Phosphorus pentoxide is the most common name for the compound with the formula P4O10. This compound consists of four phosphorus atoms and ten oxygen atoms covalently bonded together.
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What Does P4O10 Mean?
The name may be confusing to some, as the prefix “pent-” refers to five and the compound contains ten oxygen atoms. P2O5 is the empirical formula for phosphorus pentoxide, which gives the substance its name. P2O5 molecules are unstable and combine with other P2O5 molecules to form P4O10 molecules.
P4O10 Physical Properties
Phosphorus pentoxide is a solid, white, waxy substance that is typically a powder at room temperature. The molecule’s hexagonal shape is maintained by weak van der Waals forces. This compound is exceptional because it exists in four distinct polymorphs. Most frequently, two molecules of P2O5 combine to form the larger P4O10 molecule. All polymorphs of phosphorus pentoxide are based on the tetrahedral configuration of the phosphorus and oxygen atoms that make up the compound.
It melts at 340 degrees Celsius and boils at 360 degrees Celsius. Due to the close proximity of the melting point and boiling point, phosphorus pentoxide frequently skips melting and sublimates directly from solid to gas.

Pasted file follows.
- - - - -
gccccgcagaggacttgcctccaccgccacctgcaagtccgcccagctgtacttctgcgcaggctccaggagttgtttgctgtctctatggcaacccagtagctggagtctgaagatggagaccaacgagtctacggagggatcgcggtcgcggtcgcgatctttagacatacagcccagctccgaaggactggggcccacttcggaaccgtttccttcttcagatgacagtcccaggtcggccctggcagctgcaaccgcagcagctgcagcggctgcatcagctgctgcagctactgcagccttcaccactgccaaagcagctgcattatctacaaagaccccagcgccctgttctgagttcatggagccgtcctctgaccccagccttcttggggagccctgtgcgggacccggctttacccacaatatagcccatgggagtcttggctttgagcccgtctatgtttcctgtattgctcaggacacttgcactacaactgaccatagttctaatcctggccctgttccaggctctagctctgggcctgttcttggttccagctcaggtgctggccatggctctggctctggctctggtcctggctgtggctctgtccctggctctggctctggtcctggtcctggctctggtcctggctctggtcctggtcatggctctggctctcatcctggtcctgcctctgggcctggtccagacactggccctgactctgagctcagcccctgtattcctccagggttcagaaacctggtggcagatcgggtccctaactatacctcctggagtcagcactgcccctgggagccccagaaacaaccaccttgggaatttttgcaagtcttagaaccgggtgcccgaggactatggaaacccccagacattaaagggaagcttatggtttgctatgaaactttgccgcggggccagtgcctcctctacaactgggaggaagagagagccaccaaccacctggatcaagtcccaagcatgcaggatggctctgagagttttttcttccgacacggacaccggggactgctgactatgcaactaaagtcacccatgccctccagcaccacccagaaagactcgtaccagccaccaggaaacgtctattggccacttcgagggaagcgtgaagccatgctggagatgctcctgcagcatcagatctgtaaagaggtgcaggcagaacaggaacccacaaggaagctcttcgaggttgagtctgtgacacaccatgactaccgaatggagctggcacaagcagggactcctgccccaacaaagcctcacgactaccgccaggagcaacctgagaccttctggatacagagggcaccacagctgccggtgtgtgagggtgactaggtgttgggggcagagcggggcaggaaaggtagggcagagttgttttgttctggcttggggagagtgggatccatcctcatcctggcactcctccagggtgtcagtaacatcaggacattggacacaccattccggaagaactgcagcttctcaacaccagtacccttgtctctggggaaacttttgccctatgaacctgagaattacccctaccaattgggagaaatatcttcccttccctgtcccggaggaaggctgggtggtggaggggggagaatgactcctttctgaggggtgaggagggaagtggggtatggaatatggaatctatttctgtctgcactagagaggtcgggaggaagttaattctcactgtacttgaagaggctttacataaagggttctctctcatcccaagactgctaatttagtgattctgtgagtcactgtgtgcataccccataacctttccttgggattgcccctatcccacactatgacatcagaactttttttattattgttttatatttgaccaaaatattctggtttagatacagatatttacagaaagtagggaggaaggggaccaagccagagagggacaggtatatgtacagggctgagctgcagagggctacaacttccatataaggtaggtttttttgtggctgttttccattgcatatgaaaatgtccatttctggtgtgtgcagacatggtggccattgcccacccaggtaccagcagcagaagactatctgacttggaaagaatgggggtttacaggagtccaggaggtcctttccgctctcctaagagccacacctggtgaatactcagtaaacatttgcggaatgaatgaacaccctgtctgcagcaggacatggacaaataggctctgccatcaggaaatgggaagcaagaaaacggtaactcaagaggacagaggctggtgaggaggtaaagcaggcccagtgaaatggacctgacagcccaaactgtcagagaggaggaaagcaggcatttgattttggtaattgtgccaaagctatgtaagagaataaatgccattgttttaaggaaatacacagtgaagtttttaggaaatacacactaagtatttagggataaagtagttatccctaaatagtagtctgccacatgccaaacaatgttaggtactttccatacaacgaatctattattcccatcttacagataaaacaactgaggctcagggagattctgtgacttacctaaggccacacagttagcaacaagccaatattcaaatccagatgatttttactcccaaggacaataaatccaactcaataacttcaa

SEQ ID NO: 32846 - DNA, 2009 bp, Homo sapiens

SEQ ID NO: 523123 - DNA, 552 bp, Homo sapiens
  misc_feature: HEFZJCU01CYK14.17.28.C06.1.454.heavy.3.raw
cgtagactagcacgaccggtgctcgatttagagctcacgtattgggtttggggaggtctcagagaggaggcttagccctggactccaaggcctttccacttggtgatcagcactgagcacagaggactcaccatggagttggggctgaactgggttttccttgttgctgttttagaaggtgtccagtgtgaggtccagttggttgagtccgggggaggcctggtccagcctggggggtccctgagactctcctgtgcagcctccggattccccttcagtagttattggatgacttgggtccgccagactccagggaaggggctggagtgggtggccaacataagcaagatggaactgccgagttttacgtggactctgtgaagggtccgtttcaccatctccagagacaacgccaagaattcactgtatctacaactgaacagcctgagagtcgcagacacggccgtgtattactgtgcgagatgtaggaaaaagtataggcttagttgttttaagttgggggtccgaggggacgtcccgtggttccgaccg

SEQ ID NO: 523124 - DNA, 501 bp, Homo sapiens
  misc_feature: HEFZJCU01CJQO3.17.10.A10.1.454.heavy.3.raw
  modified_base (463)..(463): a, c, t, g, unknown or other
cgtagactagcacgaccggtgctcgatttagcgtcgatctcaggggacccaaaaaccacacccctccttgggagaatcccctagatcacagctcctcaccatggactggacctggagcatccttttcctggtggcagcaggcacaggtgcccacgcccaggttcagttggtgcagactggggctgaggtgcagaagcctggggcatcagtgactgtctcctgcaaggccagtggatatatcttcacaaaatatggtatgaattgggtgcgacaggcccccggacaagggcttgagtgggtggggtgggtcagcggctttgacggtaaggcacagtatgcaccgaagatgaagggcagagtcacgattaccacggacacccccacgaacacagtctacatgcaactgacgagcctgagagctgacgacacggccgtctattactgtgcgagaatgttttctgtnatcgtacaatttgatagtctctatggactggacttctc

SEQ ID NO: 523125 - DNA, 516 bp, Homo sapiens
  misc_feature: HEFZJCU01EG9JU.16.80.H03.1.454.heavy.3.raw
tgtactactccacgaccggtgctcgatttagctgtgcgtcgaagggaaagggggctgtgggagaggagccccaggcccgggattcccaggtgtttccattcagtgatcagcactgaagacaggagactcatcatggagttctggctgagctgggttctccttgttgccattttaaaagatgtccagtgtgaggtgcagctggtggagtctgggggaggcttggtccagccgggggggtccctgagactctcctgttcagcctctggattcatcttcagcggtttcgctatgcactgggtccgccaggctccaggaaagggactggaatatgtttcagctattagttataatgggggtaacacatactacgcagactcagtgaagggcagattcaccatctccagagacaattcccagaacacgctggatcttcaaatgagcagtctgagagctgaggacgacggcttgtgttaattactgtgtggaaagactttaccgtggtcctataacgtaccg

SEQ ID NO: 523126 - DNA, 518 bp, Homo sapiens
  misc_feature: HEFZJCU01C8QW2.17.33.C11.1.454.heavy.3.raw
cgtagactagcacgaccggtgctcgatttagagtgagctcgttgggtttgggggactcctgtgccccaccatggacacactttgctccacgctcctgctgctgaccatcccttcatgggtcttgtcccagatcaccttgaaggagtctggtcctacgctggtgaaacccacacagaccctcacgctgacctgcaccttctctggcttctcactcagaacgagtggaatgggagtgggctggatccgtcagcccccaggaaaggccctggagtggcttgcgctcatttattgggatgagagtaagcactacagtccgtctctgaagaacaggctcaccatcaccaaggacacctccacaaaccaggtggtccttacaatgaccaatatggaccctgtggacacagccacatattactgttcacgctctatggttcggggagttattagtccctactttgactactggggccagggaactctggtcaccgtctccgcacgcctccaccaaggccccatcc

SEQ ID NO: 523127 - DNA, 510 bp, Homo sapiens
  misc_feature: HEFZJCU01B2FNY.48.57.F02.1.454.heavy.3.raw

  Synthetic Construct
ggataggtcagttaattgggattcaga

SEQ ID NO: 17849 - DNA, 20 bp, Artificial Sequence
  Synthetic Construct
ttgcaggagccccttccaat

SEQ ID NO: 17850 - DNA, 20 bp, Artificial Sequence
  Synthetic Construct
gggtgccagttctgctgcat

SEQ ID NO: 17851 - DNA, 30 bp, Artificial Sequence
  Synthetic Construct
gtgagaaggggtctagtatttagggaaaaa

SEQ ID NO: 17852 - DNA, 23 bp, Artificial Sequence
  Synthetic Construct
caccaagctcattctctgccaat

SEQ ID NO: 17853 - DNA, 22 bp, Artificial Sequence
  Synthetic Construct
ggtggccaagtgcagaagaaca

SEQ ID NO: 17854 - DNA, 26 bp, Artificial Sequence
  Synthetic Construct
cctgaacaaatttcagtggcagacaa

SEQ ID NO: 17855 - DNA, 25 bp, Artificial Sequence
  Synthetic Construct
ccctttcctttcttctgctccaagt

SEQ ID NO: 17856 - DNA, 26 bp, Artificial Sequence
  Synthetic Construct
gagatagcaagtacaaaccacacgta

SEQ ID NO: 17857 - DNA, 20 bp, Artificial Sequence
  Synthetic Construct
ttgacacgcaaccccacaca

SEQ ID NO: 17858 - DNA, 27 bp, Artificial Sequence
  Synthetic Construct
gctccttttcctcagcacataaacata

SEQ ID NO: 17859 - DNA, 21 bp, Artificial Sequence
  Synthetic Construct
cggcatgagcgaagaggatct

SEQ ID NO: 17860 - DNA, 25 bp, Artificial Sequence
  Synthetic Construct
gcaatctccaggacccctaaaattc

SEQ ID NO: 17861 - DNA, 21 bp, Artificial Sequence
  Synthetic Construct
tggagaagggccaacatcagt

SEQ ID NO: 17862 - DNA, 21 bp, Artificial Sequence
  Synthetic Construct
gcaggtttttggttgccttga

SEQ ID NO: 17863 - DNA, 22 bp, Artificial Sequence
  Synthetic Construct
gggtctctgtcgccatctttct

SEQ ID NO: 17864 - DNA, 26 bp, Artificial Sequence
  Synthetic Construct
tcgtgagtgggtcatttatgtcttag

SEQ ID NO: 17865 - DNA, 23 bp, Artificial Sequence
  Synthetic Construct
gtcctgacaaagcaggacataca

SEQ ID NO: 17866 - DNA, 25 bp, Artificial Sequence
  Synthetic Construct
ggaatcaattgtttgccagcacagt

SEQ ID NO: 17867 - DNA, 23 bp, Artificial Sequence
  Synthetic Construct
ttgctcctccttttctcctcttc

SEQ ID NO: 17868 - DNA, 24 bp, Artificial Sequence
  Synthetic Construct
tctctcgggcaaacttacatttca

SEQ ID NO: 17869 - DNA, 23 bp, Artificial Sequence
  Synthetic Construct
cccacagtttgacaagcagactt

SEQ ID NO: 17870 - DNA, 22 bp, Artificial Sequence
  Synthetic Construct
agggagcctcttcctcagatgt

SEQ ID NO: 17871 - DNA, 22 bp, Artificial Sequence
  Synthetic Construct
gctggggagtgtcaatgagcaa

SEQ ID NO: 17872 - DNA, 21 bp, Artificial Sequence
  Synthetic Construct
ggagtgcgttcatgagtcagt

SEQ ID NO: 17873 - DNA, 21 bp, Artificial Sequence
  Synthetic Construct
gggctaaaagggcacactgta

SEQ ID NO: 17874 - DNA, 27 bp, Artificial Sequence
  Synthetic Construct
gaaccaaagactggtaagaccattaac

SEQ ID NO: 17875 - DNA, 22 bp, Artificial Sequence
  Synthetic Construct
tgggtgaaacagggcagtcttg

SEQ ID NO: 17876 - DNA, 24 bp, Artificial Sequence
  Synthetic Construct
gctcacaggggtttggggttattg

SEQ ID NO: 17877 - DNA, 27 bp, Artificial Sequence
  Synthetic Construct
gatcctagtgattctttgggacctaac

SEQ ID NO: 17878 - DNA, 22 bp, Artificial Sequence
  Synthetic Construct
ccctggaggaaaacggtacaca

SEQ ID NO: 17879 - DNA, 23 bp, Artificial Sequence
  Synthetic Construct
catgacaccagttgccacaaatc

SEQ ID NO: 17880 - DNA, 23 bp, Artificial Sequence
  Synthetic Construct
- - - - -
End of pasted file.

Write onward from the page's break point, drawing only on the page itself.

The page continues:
P4O10 Chemical Properties
The compound phosphorus pentoxide is polar. It is an incombustible substance, which means it does not react with oxygen to produce a flame. Phosphorus is extremely reactive with water and forms phosphoric acid when combined with water. It can start a fire if it comes into contact with cotton or wood that contains water. It causes corrosion and forms various metal oxides when exposed to metal. Furthermore, it is corrosive to skin and other tissues, causing chemical burns and respiratory inflammation. Even in low concentrations, these irritations and injuries can occur. When handling phosphorus pentoxide, proper precautions must be taken.
Manufacturing of P4O10
Typically, phosphorus pentoxide is produced by the combustion of phosphorus and oxygen. The compound is produced by burning tetraphosphorus with a large amount of oxygen. White phosphorus is required as the initial component. Although adding water to phosphorus pentoxide results in the formation of phosphoric acid, the reaction cannot be reversed. By dehydrating phosphoric acid, it is impossible to produce phosphorus pentoxide.
Applications of P4O10
Phosphorus pentoxide is frequently used to produce phosphoric acid. Due to its high reactivity with water, it is also employed as a desiccant and dehydrating agent. It removes moisture from the air to maintain a dry environment. During storage, phosphorus pentoxide has a tendency to form a protective layer that prevents it from absorbing additional moisture. Due to this, it is frequently used in granular form for drying.
As an industrial desiccant, this compound acts as an intermediary in the transformation of acids into their anhydride equivalents. It is used, for instance, to convert nitric acid (HNO3) to nitrogen pentoxide (N2O5). Additionally, phosphorus pentoxide is utilised in the production of glass, rubber, and certain laboratory procedures.
Additional Names for P4O10
Although phosphorus pentoxide is the most common name for P4O10, it is also known as:
The chemical compound phosphoric anhydride
The chemical compound tetraphosphorus decaoxide